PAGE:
CEO/Executive Director/Board Comments

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Management


CEO/Executive Director . Presently Transitioning
CEO Term Start --
CEO Email itan@fenwaycdc.org
CEO Experience --
Co-CEO --
Co-CEO Term Start --
Co-CEO Email --
Co-CEO Experience --

Former CEOs and Terms

Name Start End
-- -- --

Senior Staff

Name Title Experience/Biography
Richard Giordano Civic Engagement Director Richard Giordano is an experienced community organizer, program director, and former aide to elected officials. He has worked as a community organizer for the Massachusetts Association of CDCs and the HOME Coalition. He has also worked for a State Representative, a Senator and two Boston City Councilors. He is an elected board member of two Community Development corporations for over 20 years and believes that residents need to have an active role in their communities and in government.
Lisa Soli Housing Director

Lisa joined the housing department of FCDC in 2007 after 12 years as a Fenway CDC board officer. With twenty years’ experience in banking before transitioning to asset management and housing development, Lisa manages the FCDC real estate portfolio and works closely with our lenders and investors, contractors, the private development community and FCDC residents. Lisa holds a Bachelor’s degree from Washington University in St. Louis and a Masters in City Planning from Boston University.

Awards

Award Awarding Organization Year
-- -- --

Affiliations

Affiliation Year
-- --
Member of state association of nonprofits? Yes
Name of state association Massachusetts Association of Community Development Corporation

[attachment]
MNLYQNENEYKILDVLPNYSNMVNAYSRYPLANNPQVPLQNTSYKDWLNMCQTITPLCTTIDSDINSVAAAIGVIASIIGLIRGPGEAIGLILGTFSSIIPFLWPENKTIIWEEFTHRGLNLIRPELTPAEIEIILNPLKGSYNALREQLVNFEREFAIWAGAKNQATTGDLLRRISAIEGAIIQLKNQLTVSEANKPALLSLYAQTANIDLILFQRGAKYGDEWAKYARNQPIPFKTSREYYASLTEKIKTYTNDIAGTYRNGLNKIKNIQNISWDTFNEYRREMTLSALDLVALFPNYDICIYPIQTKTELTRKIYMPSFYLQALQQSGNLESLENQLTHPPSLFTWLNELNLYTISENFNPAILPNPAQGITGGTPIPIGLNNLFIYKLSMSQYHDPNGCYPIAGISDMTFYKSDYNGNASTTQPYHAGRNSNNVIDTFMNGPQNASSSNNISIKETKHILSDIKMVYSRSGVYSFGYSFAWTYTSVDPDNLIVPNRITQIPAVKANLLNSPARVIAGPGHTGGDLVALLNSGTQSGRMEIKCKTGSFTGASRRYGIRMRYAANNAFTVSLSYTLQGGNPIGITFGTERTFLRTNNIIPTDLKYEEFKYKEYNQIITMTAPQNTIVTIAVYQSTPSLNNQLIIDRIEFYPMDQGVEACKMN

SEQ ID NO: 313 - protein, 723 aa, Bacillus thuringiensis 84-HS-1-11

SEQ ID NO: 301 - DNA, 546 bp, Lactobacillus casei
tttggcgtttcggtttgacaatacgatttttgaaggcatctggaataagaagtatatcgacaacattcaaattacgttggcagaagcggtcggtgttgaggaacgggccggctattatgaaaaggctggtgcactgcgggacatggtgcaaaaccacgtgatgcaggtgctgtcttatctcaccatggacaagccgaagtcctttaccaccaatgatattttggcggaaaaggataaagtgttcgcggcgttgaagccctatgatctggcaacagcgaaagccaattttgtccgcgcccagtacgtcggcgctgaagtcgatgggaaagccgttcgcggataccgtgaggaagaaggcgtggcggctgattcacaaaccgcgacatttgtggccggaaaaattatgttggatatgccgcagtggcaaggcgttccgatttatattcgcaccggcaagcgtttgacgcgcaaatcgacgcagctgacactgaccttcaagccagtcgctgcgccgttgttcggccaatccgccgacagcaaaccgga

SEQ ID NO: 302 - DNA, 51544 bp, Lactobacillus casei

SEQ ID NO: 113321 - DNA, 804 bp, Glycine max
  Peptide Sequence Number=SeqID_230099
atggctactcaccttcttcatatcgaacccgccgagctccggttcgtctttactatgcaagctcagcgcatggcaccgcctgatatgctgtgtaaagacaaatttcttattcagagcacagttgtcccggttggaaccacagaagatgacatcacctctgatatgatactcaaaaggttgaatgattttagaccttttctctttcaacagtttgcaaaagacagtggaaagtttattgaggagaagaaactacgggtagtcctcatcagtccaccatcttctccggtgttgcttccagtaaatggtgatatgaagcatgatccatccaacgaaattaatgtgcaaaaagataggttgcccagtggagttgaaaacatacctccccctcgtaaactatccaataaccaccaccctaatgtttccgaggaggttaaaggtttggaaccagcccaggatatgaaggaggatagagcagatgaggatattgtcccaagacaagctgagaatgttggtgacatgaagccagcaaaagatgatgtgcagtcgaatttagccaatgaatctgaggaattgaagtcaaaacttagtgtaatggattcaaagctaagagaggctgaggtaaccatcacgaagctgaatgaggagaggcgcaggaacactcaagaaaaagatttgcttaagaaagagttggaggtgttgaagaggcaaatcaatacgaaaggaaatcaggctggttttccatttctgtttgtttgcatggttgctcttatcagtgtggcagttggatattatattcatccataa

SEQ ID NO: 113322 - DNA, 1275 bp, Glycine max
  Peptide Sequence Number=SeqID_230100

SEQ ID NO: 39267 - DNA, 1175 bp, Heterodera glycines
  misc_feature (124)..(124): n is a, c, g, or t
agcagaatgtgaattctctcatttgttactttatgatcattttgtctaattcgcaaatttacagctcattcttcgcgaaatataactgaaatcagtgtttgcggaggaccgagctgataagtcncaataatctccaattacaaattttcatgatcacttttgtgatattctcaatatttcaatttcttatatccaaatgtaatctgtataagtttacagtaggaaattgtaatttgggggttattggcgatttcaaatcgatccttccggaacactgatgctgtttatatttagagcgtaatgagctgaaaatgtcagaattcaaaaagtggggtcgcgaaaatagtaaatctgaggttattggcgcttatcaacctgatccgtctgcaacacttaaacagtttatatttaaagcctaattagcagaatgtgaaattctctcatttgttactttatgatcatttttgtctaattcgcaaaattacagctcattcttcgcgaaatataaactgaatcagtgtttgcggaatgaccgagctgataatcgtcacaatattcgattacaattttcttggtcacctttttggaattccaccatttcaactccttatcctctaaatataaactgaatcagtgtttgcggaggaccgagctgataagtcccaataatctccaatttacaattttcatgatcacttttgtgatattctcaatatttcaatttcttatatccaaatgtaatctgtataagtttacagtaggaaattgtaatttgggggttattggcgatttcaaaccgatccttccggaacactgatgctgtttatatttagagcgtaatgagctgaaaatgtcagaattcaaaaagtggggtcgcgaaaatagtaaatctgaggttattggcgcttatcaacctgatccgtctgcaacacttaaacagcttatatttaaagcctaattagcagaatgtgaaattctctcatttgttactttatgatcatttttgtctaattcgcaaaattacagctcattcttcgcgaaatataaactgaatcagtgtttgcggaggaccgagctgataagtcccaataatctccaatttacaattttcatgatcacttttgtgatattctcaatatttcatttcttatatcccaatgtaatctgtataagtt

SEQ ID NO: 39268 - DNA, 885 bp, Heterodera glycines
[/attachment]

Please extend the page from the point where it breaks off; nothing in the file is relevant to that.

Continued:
External Assessments and Accreditations

External Assessment or Accreditation Year
-- --

Collaborations

Fenway CDC collaborates with stakeholders from the public and private sectors for our community development work. Our working partners in 2013 comprises of:
Allston Brighton CDC
American Consumer Credit Counseling
Bay Cove Human Services
Berklee College of Music
Boston ABCD
Boston Children’s Hospital
Boston LISC
Boston Tenant Coalition Boston University
Burbank Apartments Tenant Association
Career Collaborative
CEDAC
Chinese Progressive Association
City Life/Vida Urbana
Fair Housing Center of Greater Boston
Fensgate Cooperative
Fenway Health
Greater Boston Legal Services
Harvard Legal Aid Bureau
Harvard Medical School
Hotel Commonwealth
The Hyams Foundation, Inc.
Jamaica Plain Neighborhood Development Corporation
Join for Justice
Ladies Resident Association, at Our Lady’s Guild House
Massachusetts Alliance of HUD Tenants
Massachusetts Association of Community Development Corporations
Massachusetts College of Pharmacy & Health Sciences
Mass Senior Action Coalition
Massachusetts Shine Metropolitan Boston Housing Partnership
MIT Department of Urban Studies & Planning
Museum of Fine Arts Neighborhood Access Group
Northeastern University
One Family Scholars Program
Operation P.E.A.C.E.
Roxbury Community College (RCC)
Saint Cecilia Parish Simmons College
Timothy Smith Network (TSN)
United South end Settlements
Urban League of Eastern Massachusetts
Wentworth Institute of Technology
YMCA International Learning Center

CEO/Executive Director/Board Comments

The organization in the midst of an executive transition so there is no executive at this time.

Foundation Comments

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Staff Information

Number of Full Time Staff 3
Number of Part Time Staff 0
Number of Volunteers 45
Number of Contract Staff 3
Staff Retention Rate % 71%

Staff Demographics

Ethnicity African American/Black: 1
Asian American/Pacific Islander: 0
Caucasian: 3
Hispanic/Latino: 1
Native American/American Indian: 0
Other: 1
Other (if specified): Asian
Gender Female: 4
Male: 1
Not Specified --

Plans & Policies

Organization has Fundraising Plan? Under Development
Organization has Strategic Plan? Yes
Years Strategic Plan Considers 5
Management Succession Plan Under Development
Business Continuity of Operations Plan No
Organization Policies And Procedures Under Development